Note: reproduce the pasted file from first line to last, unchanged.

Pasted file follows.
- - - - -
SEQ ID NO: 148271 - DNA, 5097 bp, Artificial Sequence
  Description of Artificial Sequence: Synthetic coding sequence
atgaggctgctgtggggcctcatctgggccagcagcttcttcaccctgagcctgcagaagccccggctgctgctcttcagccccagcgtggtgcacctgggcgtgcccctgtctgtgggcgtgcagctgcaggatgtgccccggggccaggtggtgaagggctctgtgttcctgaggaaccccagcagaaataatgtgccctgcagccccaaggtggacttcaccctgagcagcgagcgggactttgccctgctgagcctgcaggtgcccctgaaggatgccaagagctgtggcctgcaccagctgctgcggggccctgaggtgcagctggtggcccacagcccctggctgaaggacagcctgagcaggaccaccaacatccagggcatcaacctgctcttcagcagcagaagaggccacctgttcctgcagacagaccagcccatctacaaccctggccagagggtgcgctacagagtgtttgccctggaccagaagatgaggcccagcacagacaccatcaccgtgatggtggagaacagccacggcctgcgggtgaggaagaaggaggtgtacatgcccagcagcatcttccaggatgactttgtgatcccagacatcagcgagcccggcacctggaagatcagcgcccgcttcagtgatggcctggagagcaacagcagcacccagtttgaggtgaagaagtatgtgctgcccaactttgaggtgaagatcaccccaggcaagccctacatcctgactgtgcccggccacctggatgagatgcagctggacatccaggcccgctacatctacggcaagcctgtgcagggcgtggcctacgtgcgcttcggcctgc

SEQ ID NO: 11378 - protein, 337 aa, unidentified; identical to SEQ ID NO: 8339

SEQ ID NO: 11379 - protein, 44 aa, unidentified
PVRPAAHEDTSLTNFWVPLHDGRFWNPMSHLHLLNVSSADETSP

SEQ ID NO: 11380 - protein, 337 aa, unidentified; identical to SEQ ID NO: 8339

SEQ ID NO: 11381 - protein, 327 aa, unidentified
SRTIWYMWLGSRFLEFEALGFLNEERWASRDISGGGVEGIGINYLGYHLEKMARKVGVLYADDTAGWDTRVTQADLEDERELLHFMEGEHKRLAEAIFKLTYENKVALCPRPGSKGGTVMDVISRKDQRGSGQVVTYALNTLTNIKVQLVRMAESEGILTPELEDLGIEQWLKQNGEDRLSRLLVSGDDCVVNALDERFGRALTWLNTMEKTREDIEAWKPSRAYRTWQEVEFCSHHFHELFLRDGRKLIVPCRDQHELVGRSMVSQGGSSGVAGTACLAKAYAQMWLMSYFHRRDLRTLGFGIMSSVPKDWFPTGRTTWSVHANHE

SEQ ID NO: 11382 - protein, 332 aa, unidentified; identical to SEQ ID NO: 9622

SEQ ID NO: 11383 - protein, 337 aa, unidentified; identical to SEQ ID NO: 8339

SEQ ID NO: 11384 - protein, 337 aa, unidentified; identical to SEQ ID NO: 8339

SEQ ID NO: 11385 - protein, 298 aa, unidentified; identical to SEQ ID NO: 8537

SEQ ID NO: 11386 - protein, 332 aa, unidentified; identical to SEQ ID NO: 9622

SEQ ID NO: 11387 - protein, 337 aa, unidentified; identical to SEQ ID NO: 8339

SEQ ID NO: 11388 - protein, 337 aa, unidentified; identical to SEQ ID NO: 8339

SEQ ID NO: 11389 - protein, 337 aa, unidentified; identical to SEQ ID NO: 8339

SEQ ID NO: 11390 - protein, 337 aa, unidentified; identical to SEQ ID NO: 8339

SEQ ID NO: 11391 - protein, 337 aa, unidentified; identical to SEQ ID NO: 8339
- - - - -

SEQ ID NO: 148271 - DNA, 5097 bp, Artificial Sequence
  Description of Artificial Sequence: Synthetic coding sequence
atgaggctgctgtggggcctcatctgggccagcagcttcttcaccctgagcctgcagaagccccggctgctgctcttcagccccagcgtggtgcacctgggcgtgcccctgtctgtgggcgtgcagctgcaggatgtgccccggggccaggtggtgaagggctctgtgttcctgaggaaccccagcagaaataatgtgccctgcagccccaaggtggacttcaccctgagcagcgagcgggactttgccctgctgagcctgcaggtgcccctgaaggatgccaagagctgtggcctgcaccagctgctgcggggccctgaggtgcagctggtggcccacagcccctggctgaaggacagcctgagcaggaccaccaacatccagggcatcaacctgctcttcagcagcagaagaggccacctgttcctgcagacagaccagcccatctacaaccctggccagagggtgcgctacagagtgtttgccctggaccagaagatgaggcccagcacagacaccatcaccgtgatggtggagaacagccacggcctgcgggtgaggaagaaggaggtgtacatgcccagcagcatcttccaggatgactttgtgatcccagacatcagcgagcccggcacctggaagatcagcgcccgcttcagtgatggcctggagagcaacagcagcacccagtttgaggtgaagaagtatgtgctgcccaactttgaggtgaagatcaccccaggcaagccctacatcctgactgtgcccggccacctggatgagatgcagctggacatccaggcccgctacatctacggcaagcctgtgcagggcgtggcctacgtgcgcttcggcctgc

SEQ ID NO: 11378 - protein, 337 aa, unidentified; identical to SEQ ID NO: 8339

SEQ ID NO: 11379 - protein, 44 aa, unidentified
PVRPAAHEDTSLTNFWVPLHDGRFWNPMSHLHLLNVSSADETSP

SEQ ID NO: 11380 - protein, 337 aa, unidentified; identical to SEQ ID NO: 8339

SEQ ID NO: 11381 - protein, 327 aa, unidentified
SRTIWYMWLGSRFLEFEALGFLNEERWASRDISGGGVEGIGINYLGYHLEKMARKVGVLYADDTAGWDTRVTQADLEDERELLHFMEGEHKRLAEAIFKLTYENKVALCPRPGSKGGTVMDVISRKDQRGSGQVVTYALNTLTNIKVQLVRMAESEGILTPELEDLGIEQWLKQNGEDRLSRLLVSGDDCVVNALDERFGRALTWLNTMEKTREDIEAWKPSRAYRTWQEVEFCSHHFHELFLRDGRKLIVPCRDQHELVGRSMVSQGGSSGVAGTACLAKAYAQMWLMSYFHRRDLRTLGFGIMSSVPKDWFPTGRTTWSVHANHE

SEQ ID NO: 11382 - protein, 332 aa, unidentified; identical to SEQ ID NO: 9622

SEQ ID NO: 11383 - protein, 337 aa, unidentified; identical to SEQ ID NO: 8339

SEQ ID NO: 11384 - protein, 337 aa, unidentified; identical to SEQ ID NO: 8339

SEQ ID NO: 11385 - protein, 298 aa, unidentified; identical to SEQ ID NO: 8537

SEQ ID NO: 11386 - protein, 332 aa, unidentified; identical to SEQ ID NO: 9622

SEQ ID NO: 11387 - protein, 337 aa, unidentified; identical to SEQ ID NO: 8339

SEQ ID NO: 11388 - protein, 337 aa, unidentified; identical to SEQ ID NO: 8339

SEQ ID NO: 11389 - protein, 337 aa, unidentified; identical to SEQ ID NO: 8339

SEQ ID NO: 11390 - protein, 337 aa, unidentified; identical to SEQ ID NO: 8339

SEQ ID NO: 11391 - protein, 337 aa, unidentified; identical to SEQ ID NO: 8339